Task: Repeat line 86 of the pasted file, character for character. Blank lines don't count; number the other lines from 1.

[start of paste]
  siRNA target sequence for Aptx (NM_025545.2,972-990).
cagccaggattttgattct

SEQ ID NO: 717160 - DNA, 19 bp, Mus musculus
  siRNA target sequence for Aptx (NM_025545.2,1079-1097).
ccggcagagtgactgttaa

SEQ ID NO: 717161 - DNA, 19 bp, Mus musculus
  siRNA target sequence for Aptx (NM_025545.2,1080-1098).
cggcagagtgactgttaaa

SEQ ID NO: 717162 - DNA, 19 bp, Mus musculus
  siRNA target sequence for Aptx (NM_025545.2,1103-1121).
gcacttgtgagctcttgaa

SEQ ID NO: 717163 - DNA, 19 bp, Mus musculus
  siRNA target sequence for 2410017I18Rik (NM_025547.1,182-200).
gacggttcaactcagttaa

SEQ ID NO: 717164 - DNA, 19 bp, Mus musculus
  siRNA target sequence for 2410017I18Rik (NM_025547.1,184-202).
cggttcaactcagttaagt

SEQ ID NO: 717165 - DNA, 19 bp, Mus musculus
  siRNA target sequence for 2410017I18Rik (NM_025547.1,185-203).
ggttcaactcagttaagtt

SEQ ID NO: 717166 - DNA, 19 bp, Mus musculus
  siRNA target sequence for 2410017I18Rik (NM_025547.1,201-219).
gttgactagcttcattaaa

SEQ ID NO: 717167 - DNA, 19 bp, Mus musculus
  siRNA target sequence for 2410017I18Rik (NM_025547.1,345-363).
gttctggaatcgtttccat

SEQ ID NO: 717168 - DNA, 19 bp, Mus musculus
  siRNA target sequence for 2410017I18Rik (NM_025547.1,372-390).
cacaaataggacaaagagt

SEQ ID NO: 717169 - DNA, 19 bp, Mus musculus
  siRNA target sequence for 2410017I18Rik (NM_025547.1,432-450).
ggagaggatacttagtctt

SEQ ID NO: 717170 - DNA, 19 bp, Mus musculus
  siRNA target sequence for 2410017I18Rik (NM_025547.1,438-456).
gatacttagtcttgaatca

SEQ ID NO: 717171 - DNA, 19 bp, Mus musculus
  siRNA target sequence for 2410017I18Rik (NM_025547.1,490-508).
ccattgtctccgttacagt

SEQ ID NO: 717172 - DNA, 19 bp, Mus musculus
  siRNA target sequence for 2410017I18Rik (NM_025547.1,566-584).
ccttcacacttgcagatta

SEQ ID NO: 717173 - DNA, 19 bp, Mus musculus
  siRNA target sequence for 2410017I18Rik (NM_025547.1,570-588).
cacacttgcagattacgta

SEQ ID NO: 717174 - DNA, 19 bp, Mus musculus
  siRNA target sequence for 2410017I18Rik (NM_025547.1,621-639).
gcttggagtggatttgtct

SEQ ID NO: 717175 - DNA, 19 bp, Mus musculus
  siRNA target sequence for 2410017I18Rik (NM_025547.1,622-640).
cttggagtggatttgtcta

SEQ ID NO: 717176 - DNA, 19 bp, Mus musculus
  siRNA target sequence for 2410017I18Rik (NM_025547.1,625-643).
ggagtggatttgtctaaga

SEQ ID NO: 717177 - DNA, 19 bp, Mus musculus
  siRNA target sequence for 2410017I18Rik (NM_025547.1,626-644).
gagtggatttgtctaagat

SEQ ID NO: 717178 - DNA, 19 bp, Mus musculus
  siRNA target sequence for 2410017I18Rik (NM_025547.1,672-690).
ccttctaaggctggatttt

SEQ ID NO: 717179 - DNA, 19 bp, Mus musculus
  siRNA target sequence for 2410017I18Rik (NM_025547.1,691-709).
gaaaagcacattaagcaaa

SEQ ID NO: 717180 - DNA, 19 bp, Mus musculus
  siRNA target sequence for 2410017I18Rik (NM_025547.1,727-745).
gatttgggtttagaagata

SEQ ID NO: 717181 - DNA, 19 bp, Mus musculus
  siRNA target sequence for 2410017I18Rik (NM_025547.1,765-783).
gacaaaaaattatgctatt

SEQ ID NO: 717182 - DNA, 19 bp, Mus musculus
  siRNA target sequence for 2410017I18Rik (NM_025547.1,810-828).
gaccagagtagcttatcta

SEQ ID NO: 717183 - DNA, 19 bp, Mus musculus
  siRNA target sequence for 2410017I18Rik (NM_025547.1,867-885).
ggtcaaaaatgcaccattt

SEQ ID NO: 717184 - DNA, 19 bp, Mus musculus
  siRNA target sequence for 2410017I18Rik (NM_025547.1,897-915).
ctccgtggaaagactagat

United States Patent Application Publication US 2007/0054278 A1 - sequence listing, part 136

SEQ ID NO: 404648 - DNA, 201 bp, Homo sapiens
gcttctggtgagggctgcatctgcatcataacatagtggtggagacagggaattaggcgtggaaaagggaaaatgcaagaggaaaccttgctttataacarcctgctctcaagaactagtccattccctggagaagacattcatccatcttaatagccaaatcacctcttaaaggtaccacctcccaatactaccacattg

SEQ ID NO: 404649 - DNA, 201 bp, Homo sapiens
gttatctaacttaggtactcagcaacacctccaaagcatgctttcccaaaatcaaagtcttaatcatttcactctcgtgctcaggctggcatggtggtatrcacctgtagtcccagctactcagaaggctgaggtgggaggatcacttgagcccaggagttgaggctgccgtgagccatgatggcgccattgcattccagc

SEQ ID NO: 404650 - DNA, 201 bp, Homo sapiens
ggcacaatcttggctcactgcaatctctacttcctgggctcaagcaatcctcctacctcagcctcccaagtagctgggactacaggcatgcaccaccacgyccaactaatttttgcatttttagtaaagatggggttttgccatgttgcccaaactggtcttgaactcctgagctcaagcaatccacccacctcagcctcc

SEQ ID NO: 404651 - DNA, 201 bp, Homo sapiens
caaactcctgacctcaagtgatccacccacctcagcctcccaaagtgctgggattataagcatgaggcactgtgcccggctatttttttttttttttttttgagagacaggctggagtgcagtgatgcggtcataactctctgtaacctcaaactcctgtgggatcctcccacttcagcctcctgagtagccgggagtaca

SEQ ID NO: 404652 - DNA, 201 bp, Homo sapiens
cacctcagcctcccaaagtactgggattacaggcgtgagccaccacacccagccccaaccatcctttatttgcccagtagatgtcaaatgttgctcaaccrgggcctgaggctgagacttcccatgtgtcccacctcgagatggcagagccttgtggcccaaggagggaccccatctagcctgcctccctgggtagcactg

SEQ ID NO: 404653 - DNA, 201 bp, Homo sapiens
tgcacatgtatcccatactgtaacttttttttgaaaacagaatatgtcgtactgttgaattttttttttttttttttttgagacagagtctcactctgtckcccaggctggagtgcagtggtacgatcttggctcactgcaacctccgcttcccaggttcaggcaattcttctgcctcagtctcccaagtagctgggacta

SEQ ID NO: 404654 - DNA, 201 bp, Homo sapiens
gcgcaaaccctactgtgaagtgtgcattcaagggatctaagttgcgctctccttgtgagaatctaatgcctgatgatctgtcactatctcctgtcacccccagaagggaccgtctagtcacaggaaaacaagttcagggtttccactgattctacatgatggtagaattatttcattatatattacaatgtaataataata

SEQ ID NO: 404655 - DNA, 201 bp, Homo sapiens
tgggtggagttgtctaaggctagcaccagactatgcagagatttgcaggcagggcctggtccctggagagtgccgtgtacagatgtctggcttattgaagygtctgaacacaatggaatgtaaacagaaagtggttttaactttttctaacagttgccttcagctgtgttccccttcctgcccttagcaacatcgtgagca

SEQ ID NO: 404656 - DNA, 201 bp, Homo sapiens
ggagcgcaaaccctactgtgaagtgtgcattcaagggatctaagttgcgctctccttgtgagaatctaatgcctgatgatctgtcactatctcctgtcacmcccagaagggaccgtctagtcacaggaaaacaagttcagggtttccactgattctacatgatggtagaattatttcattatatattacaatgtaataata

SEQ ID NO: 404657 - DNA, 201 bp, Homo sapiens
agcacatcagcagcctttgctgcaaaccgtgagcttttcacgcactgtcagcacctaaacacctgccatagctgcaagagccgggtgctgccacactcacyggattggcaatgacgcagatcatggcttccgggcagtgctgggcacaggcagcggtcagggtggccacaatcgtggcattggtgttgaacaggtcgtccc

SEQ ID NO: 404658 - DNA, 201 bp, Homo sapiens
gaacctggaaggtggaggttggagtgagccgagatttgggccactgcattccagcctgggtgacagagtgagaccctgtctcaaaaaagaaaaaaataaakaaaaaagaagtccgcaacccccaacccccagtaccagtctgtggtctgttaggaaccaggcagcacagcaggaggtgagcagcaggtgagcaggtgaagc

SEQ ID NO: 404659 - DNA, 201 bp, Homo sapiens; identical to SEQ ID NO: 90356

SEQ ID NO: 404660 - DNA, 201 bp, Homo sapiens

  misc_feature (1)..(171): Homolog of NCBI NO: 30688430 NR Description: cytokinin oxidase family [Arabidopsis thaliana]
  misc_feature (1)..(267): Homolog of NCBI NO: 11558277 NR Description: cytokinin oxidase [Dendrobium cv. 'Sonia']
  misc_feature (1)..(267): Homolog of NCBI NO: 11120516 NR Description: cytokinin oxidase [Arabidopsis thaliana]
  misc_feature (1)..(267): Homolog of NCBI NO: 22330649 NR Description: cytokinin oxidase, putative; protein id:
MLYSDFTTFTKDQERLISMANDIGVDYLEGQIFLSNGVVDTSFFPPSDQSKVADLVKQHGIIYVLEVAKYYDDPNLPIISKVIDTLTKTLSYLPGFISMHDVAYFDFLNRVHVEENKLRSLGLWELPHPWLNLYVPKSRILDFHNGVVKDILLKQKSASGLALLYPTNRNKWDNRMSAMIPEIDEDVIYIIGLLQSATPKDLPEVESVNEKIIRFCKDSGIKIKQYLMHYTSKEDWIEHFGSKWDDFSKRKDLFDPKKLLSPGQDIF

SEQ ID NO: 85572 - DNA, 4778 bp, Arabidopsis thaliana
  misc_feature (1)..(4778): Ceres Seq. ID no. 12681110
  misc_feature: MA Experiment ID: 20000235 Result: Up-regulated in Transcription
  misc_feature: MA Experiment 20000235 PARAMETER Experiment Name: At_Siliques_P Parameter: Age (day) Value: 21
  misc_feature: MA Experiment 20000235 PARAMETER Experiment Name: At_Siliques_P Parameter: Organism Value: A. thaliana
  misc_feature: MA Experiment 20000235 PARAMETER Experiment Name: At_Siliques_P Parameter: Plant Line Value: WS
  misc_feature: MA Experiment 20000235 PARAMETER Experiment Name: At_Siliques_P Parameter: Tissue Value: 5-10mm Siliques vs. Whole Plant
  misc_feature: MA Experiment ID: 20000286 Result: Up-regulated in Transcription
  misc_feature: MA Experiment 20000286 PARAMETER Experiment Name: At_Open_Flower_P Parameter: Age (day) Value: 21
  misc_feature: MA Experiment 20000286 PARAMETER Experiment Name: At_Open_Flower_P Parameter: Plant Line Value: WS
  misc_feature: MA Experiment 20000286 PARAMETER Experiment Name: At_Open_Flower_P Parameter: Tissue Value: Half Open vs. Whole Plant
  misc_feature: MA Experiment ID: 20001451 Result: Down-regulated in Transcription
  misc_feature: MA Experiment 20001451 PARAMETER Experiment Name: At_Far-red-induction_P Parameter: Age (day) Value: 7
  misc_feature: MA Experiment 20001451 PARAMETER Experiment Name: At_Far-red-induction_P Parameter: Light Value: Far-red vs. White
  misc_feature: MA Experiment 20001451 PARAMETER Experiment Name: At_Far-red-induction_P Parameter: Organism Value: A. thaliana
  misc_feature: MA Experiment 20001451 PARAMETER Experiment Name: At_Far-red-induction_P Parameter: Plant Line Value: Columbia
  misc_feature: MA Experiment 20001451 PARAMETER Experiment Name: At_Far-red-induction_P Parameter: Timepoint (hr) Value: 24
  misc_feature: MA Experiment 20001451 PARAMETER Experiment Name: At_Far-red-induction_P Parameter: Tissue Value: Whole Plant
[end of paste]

caaactcctgacctcaagtgatccacccacctcagcctcccaaagtgctgggattataagcatgaggcactgtgcccggctatttttttttttttttttttgagagacaggctggagtgcagtgatgcggtcataactctctgtaacctcaaactcctgtgggatcctcccacttcagcctcctgagtagccgggagtaca